Cybercriminals aren’t just knocking the doors of next-door banks anymore, but now seem to have a found a seat at 33,000 feet.
At least so it seems with the latest cyber attack on the bank accounts of Ryanair, which just lost about $5 million in an electronic fund transfer routed through a Chinese bank last week, The Irish Times reported.
As of now, little is known about the cyber scam that came to light when the Criminal Assets Bureau (CAB) of Dublin was supposedly sought for help by its Asian counterpart, the Asset Recovery Interagency Network Asia Pacific, based in South Korea. The theft reportedly took a swing at the airline’s fuel money used for its more than 400 Boeing 737-800 aircrafts.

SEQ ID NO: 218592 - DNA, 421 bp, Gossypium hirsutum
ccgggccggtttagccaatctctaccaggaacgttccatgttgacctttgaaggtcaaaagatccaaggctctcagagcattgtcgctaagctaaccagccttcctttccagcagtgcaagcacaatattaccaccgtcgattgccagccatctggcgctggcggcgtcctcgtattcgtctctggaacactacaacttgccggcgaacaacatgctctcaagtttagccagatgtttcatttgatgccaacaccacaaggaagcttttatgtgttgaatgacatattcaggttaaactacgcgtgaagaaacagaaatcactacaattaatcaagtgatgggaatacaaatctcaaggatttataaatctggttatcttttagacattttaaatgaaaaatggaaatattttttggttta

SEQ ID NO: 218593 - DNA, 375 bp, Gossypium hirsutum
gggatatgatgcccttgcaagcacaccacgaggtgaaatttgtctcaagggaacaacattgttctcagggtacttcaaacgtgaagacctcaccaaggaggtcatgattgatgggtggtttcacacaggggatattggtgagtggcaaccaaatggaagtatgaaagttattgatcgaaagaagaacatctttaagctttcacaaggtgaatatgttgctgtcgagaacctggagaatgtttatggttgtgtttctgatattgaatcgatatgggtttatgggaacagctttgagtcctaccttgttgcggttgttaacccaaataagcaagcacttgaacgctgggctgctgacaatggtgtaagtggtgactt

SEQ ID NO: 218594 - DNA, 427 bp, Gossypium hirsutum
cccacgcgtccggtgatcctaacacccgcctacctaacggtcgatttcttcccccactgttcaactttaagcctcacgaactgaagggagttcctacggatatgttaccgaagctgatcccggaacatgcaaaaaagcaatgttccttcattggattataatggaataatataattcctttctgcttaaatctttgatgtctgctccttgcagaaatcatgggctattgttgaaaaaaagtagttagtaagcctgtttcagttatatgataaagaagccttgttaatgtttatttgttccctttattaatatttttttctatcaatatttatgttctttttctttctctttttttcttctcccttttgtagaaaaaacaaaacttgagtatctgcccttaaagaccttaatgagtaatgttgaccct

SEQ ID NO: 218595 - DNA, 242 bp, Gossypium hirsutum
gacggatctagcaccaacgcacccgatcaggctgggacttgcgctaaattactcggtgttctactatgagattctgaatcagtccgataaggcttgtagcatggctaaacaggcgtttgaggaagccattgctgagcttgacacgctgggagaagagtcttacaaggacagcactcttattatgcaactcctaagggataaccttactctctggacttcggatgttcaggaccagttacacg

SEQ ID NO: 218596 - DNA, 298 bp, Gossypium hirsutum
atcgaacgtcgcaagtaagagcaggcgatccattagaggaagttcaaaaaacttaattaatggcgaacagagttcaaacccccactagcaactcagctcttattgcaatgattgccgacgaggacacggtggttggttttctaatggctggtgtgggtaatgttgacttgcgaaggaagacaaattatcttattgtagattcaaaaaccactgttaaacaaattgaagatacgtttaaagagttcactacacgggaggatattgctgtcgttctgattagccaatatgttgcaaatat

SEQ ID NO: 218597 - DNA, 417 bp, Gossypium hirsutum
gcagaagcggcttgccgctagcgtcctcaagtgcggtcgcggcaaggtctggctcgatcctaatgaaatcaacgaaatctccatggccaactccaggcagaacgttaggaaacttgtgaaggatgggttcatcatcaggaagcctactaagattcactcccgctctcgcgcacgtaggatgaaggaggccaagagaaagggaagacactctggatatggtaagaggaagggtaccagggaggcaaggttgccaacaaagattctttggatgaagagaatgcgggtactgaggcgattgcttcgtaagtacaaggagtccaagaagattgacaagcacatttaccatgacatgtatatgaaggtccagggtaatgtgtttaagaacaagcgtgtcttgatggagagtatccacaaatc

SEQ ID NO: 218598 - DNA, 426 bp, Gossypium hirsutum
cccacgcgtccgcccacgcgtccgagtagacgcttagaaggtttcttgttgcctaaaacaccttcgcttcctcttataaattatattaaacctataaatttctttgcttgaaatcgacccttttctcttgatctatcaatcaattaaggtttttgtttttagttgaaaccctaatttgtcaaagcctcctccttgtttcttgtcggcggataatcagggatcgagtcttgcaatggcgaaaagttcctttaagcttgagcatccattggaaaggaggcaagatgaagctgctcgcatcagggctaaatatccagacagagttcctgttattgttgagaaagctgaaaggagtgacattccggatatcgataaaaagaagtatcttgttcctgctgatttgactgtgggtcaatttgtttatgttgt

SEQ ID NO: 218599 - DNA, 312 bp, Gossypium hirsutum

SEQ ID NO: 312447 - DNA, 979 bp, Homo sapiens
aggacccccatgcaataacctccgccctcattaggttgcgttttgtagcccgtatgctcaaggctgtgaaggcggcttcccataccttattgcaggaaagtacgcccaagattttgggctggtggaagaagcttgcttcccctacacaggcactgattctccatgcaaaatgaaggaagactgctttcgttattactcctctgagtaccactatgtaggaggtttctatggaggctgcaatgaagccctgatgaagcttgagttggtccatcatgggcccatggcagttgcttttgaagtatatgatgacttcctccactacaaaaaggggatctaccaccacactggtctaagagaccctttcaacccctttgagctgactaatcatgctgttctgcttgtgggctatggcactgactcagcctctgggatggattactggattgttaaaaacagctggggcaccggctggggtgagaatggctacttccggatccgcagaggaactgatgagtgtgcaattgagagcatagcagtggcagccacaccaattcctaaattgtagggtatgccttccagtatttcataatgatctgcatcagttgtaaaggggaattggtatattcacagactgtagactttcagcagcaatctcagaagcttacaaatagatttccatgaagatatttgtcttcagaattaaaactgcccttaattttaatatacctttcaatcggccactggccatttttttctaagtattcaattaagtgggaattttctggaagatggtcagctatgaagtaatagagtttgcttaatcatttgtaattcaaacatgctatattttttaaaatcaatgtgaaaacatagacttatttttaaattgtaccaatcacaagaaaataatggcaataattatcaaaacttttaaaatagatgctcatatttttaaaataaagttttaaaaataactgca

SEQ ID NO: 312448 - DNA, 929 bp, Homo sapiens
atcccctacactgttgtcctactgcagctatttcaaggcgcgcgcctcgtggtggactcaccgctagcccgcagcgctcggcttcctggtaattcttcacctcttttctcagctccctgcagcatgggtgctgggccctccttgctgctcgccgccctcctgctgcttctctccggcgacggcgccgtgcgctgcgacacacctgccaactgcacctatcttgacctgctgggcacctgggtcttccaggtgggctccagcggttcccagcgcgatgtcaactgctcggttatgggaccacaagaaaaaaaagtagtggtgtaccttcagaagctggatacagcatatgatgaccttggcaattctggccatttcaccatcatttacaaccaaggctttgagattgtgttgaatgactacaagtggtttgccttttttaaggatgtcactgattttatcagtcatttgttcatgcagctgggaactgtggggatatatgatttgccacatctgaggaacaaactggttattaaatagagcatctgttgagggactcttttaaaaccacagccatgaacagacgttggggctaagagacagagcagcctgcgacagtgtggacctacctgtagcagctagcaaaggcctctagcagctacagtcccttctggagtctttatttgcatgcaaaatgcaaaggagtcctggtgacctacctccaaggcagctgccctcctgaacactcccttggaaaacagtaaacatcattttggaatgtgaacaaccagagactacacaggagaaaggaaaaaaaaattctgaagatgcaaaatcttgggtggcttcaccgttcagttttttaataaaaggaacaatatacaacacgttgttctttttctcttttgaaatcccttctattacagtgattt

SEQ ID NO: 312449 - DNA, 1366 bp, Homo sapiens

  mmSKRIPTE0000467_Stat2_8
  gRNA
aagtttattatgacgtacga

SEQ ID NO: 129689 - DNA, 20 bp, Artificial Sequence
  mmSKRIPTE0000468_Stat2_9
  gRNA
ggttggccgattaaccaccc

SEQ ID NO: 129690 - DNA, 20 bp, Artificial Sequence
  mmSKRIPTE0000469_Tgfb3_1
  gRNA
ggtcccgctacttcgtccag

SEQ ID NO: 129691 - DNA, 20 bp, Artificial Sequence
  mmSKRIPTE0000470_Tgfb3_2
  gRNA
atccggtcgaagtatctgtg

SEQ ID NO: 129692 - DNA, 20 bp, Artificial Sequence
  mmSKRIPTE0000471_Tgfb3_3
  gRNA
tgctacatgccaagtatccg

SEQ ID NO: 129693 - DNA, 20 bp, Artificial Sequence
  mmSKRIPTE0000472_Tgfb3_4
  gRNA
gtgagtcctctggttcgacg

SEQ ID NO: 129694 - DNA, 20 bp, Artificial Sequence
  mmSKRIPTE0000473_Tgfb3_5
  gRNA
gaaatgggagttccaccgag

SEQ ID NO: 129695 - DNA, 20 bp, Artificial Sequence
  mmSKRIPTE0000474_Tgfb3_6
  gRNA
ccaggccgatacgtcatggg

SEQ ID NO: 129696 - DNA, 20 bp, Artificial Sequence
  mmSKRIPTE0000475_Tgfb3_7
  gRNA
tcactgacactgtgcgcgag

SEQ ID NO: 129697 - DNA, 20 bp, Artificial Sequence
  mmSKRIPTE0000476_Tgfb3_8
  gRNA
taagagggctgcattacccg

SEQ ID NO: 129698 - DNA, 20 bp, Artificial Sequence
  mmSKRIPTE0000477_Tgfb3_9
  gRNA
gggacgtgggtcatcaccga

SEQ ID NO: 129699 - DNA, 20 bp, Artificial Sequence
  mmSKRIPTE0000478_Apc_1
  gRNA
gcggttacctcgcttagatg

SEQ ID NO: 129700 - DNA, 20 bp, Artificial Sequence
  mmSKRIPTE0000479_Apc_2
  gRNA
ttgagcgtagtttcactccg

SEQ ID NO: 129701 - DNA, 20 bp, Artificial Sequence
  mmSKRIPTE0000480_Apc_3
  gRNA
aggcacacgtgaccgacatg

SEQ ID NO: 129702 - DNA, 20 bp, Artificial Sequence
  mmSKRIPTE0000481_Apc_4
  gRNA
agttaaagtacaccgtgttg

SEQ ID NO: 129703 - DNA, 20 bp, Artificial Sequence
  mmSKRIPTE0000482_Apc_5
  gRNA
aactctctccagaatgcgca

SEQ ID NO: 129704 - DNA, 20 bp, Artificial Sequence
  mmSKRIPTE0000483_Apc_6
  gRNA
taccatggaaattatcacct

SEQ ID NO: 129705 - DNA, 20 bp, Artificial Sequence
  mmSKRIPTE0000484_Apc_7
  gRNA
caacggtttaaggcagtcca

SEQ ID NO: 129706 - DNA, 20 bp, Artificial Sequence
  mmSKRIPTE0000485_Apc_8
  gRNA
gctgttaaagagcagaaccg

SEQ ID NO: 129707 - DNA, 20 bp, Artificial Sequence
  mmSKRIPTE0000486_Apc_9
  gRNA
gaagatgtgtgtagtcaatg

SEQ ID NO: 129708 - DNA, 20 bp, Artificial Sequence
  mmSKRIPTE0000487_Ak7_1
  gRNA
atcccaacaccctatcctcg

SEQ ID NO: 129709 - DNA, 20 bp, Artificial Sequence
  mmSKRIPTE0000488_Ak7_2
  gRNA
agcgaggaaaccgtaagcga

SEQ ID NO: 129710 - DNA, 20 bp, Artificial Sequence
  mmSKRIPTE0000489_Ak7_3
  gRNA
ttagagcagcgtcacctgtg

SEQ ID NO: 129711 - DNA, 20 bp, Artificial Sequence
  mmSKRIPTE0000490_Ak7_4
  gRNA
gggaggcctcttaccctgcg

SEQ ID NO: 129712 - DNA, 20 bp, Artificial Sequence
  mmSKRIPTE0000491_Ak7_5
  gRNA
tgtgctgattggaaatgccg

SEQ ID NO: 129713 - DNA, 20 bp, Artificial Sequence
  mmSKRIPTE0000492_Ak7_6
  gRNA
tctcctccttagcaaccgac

“Ryanair confirms that it has investigated a fraudulent electronic transfer via a Chinese bank last week,” the airline said in a statement. “The airline has been working with its banks and the relevant authorities and understands that the funds – less than $5 million – have now been frozen. The airline expects these funds to be repaid shortly, and has taken steps to ensure that this type of transfer cannot recur.”
Though more details are yet to emerge on the planning and execution of the theft, a recent report by Verizon, which analyzed over 80,000 security incidents, found out that 96 percent of the security breaches still fell into the nine basic patterns of cyber attack, which have been repeatedly used over several decades.